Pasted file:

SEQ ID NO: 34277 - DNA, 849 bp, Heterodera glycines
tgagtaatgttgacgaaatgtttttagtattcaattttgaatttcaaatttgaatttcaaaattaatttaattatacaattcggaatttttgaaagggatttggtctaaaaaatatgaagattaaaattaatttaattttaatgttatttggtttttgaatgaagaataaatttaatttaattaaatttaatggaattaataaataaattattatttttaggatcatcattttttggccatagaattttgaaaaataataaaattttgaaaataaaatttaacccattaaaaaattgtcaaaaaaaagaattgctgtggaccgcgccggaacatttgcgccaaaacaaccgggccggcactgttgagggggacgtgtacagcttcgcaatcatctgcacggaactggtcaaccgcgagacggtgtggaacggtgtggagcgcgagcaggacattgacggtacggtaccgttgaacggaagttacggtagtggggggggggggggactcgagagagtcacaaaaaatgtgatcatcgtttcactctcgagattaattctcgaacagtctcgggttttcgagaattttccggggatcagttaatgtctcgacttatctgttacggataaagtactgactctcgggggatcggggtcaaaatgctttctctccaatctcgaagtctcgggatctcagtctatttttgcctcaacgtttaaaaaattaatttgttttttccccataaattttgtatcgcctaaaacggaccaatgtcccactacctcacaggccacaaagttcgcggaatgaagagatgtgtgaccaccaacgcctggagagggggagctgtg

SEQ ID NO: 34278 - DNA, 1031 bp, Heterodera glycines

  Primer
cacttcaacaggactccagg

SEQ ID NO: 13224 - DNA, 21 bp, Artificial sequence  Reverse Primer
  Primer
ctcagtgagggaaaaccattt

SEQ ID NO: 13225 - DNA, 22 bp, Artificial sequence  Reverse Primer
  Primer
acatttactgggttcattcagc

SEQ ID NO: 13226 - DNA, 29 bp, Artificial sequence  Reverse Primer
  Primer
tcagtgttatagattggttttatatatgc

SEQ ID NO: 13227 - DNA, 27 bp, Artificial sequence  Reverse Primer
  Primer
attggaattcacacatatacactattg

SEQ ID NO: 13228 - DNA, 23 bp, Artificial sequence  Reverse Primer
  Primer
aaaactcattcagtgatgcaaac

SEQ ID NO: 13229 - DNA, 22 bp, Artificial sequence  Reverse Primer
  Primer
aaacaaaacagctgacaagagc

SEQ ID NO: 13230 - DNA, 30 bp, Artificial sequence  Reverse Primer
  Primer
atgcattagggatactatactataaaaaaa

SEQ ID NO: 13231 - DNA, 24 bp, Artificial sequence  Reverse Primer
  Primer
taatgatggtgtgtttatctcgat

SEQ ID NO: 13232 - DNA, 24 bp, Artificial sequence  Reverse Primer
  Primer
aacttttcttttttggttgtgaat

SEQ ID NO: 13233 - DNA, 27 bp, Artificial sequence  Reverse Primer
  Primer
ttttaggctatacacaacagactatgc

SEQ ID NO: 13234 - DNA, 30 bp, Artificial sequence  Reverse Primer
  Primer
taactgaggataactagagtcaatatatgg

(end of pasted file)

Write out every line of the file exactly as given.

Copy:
SEQ ID NO: 34277 - DNA, 849 bp, Heterodera glycines
tgagtaatgttgacgaaatgtttttagtattcaattttgaatttcaaatttgaatttcaaaattaatttaattatacaattcggaatttttgaaagggatttggtctaaaaaatatgaagattaaaattaatttaattttaatgttatttggtttttgaatgaagaataaatttaatttaattaaatttaatggaattaataaataaattattatttttaggatcatcattttttggccatagaattttgaaaaataataaaattttgaaaataaaatttaacccattaaaaaattgtcaaaaaaaagaattgctgtggaccgcgccggaacatttgcgccaaaacaaccgggccggcactgttgagggggacgtgtacagcttcgcaatcatctgcacggaactggtcaaccgcgagacggtgtggaacggtgtggagcgcgagcaggacattgacggtacggtaccgttgaacggaagttacggtagtggggggggggggggactcgagagagtcacaaaaaatgtgatcatcgtttcactctcgagattaattctcgaacagtctcgggttttcgagaattttccggggatcagttaatgtctcgacttatctgttacggataaagtactgactctcgggggatcggggtcaaaatgctttctctccaatctcgaagtctcgggatctcagtctatttttgcctcaacgtttaaaaaattaatttgttttttccccataaattttgtatcgcctaaaacggaccaatgtcccactacctcacaggccacaaagttcgcggaatgaagagatgtgtgaccaccaacgcctggagagggggagctgtg

SEQ ID NO: 34278 - DNA, 1031 bp, Heterodera glycines

  Primer
cacttcaacaggactccagg

SEQ ID NO: 13224 - DNA, 21 bp, Artificial sequence  Reverse Primer
  Primer
ctcagtgagggaaaaccattt

SEQ ID NO: 13225 - DNA, 22 bp, Artificial sequence  Reverse Primer
  Primer
acatttactgggttcattcagc

SEQ ID NO: 13226 - DNA, 29 bp, Artificial sequence  Reverse Primer
  Primer
tcagtgttatagattggttttatatatgc

SEQ ID NO: 13227 - DNA, 27 bp, Artificial sequence  Reverse Primer
  Primer
attggaattcacacatatacactattg

SEQ ID NO: 13228 - DNA, 23 bp, Artificial sequence  Reverse Primer
  Primer
aaaactcattcagtgatgcaaac

SEQ ID NO: 13229 - DNA, 22 bp, Artificial sequence  Reverse Primer
  Primer
aaacaaaacagctgacaagagc

SEQ ID NO: 13230 - DNA, 30 bp, Artificial sequence  Reverse Primer
  Primer
atgcattagggatactatactataaaaaaa

SEQ ID NO: 13231 - DNA, 24 bp, Artificial sequence  Reverse Primer
  Primer
taatgatggtgtgtttatctcgat

SEQ ID NO: 13232 - DNA, 24 bp, Artificial sequence  Reverse Primer
  Primer
aacttttcttttttggttgtgaat

SEQ ID NO: 13233 - DNA, 27 bp, Artificial sequence  Reverse Primer
  Primer
ttttaggctatacacaacagactatgc

SEQ ID NO: 13234 - DNA, 30 bp, Artificial sequence  Reverse Primer
  Primer
taactgaggataactagagtcaatatatgg